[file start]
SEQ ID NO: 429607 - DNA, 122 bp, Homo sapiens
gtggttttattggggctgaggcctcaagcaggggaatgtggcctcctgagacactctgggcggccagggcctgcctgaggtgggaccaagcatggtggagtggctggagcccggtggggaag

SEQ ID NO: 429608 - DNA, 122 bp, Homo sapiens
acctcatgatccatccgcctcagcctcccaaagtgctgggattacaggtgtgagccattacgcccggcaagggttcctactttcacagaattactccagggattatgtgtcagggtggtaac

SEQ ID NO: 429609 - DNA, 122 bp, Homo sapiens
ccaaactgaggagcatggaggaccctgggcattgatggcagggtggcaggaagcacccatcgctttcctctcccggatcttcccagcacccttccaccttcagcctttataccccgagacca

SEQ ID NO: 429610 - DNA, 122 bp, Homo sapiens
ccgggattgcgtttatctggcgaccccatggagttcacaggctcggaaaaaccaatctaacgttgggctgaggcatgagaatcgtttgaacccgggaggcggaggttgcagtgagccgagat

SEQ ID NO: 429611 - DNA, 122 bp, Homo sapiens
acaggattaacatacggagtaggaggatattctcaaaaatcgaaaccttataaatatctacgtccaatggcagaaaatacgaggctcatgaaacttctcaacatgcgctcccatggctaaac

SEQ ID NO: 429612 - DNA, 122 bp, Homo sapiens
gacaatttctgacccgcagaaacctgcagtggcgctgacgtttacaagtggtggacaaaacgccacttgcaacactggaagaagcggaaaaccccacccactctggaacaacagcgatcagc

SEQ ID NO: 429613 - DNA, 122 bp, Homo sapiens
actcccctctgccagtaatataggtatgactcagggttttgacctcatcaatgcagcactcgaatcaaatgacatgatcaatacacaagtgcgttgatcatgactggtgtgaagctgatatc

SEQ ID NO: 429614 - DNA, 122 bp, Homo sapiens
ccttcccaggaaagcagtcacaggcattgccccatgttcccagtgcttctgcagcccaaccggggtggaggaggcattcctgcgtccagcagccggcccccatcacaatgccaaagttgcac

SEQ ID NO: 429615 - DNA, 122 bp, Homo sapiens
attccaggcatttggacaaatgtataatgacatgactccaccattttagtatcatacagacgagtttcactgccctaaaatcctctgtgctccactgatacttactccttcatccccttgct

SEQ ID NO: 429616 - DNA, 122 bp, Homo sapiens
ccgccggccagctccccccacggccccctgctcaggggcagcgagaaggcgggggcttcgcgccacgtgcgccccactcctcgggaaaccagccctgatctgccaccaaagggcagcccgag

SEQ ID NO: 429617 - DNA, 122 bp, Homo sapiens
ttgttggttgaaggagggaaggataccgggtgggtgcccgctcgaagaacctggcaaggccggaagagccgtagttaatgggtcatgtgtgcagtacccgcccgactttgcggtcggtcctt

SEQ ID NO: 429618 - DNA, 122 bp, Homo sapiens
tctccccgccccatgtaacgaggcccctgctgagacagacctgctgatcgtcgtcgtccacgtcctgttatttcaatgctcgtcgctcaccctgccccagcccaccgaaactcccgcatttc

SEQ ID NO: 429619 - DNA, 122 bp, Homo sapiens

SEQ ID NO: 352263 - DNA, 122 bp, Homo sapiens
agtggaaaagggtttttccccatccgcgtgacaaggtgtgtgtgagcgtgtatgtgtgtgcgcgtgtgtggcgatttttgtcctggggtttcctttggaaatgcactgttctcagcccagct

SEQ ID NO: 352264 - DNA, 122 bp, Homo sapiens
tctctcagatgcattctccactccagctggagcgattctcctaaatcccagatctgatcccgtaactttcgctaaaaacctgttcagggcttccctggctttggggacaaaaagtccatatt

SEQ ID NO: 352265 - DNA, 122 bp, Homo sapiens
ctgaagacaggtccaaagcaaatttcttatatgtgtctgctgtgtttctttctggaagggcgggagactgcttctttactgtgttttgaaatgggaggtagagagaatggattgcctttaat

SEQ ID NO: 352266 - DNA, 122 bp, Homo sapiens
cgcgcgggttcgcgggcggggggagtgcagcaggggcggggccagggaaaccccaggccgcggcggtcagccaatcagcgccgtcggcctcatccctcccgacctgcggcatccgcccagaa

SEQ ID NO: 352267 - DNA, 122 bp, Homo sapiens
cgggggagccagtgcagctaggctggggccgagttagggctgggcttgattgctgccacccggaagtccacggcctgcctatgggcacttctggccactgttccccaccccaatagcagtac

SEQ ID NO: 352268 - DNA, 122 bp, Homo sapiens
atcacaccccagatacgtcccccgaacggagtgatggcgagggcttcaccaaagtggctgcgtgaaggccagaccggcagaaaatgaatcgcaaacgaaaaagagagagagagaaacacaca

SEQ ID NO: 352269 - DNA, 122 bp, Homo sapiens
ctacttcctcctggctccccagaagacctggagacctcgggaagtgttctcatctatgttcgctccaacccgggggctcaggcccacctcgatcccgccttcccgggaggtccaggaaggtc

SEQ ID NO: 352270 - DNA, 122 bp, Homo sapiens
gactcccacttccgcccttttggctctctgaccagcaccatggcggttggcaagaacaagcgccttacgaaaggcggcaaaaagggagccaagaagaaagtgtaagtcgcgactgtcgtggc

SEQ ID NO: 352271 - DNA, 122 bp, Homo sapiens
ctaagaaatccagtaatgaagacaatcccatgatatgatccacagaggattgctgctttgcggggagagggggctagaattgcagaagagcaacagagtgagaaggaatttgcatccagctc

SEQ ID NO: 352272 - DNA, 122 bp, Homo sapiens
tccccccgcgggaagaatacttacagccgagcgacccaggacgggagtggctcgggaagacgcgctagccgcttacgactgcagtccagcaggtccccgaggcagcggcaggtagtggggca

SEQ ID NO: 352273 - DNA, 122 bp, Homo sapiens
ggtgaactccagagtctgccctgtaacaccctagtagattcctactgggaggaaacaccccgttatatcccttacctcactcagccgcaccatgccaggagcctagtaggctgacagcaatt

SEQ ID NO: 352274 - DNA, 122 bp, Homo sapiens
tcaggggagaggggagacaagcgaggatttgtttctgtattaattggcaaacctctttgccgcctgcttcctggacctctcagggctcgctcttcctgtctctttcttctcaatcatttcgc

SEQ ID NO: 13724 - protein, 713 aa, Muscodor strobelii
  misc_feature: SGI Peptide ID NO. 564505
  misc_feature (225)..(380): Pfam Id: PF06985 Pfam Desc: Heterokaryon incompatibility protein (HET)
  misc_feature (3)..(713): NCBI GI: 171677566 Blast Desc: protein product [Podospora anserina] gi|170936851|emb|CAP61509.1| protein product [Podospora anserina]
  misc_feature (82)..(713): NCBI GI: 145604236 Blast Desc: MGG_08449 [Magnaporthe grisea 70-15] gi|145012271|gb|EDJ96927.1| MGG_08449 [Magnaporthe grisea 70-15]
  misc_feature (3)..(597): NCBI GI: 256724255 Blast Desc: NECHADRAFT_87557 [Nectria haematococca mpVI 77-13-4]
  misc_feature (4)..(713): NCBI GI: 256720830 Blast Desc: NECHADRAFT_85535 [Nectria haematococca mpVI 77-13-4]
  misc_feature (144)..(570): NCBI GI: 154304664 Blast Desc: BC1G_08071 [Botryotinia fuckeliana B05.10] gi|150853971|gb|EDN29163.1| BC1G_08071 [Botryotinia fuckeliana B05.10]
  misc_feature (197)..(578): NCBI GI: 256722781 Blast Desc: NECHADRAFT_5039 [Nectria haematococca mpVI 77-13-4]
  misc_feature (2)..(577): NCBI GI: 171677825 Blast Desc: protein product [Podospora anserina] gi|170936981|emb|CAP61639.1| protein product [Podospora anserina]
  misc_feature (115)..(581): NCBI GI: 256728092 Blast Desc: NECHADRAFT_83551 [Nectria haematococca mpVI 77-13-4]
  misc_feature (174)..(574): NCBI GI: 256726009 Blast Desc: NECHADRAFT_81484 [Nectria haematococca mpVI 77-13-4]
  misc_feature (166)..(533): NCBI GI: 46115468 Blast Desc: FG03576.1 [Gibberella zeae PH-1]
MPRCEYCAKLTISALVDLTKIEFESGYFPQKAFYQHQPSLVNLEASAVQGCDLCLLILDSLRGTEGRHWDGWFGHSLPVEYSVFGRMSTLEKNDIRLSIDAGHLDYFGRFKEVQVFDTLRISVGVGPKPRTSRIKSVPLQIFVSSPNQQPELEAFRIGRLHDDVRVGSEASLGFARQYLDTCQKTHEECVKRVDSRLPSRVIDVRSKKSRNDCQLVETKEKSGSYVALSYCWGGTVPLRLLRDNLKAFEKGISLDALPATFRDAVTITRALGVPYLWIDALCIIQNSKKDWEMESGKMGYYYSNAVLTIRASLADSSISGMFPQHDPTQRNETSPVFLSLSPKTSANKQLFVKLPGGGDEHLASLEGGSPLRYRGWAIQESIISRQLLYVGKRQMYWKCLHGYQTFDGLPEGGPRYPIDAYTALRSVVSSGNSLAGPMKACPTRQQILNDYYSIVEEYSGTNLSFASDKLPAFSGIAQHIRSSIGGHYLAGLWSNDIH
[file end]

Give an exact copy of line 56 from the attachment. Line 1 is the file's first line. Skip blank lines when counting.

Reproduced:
  misc_feature (4)..(713): NCBI GI: 256720830 Blast Desc: NECHADRAFT_85535 [Nectria haematococca mpVI 77-13-4]